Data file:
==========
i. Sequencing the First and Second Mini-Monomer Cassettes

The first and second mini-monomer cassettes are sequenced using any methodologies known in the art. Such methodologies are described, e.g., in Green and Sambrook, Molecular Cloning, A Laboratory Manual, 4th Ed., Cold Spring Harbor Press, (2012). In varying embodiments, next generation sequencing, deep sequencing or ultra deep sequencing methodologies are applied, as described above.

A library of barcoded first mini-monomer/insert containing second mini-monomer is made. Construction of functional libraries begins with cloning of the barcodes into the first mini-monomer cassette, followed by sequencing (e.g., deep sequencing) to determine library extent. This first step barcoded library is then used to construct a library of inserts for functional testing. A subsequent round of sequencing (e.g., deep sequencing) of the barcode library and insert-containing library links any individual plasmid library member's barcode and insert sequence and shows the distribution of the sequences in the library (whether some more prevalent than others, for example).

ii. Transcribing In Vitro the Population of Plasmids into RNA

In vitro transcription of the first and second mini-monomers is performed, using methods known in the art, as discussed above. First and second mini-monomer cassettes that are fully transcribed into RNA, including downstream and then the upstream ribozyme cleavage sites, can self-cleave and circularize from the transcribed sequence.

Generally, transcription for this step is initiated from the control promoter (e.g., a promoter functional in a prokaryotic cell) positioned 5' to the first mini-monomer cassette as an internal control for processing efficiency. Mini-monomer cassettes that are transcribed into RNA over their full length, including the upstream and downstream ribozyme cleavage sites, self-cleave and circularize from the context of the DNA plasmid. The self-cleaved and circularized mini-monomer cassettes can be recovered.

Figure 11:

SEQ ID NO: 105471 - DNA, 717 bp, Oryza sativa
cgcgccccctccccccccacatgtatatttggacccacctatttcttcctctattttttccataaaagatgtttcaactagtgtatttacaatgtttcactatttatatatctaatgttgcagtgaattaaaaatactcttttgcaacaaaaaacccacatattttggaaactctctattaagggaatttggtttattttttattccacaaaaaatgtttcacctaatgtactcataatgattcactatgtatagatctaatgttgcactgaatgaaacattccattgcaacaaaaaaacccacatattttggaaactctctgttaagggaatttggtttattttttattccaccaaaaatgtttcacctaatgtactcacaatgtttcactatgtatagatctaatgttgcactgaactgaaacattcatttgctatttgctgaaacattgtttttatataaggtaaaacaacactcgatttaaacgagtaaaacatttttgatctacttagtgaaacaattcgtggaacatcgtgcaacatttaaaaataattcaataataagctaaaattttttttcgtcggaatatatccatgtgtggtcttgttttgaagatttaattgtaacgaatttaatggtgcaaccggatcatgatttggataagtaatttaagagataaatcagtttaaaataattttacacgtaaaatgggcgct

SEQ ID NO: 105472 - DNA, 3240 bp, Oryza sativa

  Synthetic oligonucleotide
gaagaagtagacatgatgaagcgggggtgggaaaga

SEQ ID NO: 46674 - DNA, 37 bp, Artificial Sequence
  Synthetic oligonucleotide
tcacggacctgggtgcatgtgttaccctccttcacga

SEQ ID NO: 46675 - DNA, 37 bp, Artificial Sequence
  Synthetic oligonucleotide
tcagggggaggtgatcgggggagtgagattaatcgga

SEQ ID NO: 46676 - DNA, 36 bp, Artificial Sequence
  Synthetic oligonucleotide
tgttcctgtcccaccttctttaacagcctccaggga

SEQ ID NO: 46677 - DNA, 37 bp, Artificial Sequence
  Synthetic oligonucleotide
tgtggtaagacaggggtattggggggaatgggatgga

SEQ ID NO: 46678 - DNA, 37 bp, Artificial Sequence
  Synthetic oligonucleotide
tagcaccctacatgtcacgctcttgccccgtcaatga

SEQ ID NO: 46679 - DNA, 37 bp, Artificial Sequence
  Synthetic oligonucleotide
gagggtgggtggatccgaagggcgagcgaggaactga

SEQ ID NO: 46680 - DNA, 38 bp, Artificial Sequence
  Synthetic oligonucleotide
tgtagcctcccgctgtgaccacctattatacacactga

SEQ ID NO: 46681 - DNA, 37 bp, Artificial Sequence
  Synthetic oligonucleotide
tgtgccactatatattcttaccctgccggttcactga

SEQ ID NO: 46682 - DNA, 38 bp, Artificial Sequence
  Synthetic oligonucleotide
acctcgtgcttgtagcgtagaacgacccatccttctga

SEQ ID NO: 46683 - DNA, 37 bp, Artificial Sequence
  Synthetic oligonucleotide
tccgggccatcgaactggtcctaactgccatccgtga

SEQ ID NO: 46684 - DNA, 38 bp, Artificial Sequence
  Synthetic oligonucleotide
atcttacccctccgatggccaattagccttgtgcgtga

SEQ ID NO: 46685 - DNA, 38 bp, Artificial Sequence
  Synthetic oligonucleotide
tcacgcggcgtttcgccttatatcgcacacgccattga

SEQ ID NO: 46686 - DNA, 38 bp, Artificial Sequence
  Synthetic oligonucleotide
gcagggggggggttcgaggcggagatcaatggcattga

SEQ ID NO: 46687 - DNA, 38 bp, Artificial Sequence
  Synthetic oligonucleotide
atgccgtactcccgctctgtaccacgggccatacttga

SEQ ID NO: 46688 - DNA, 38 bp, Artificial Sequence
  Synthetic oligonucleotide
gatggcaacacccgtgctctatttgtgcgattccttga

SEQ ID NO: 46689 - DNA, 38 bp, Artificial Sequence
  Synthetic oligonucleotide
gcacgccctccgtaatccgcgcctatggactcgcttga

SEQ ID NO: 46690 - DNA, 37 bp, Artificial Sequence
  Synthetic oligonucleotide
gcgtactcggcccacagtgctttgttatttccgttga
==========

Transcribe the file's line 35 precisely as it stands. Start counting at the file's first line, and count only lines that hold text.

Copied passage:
  Synthetic oligonucleotide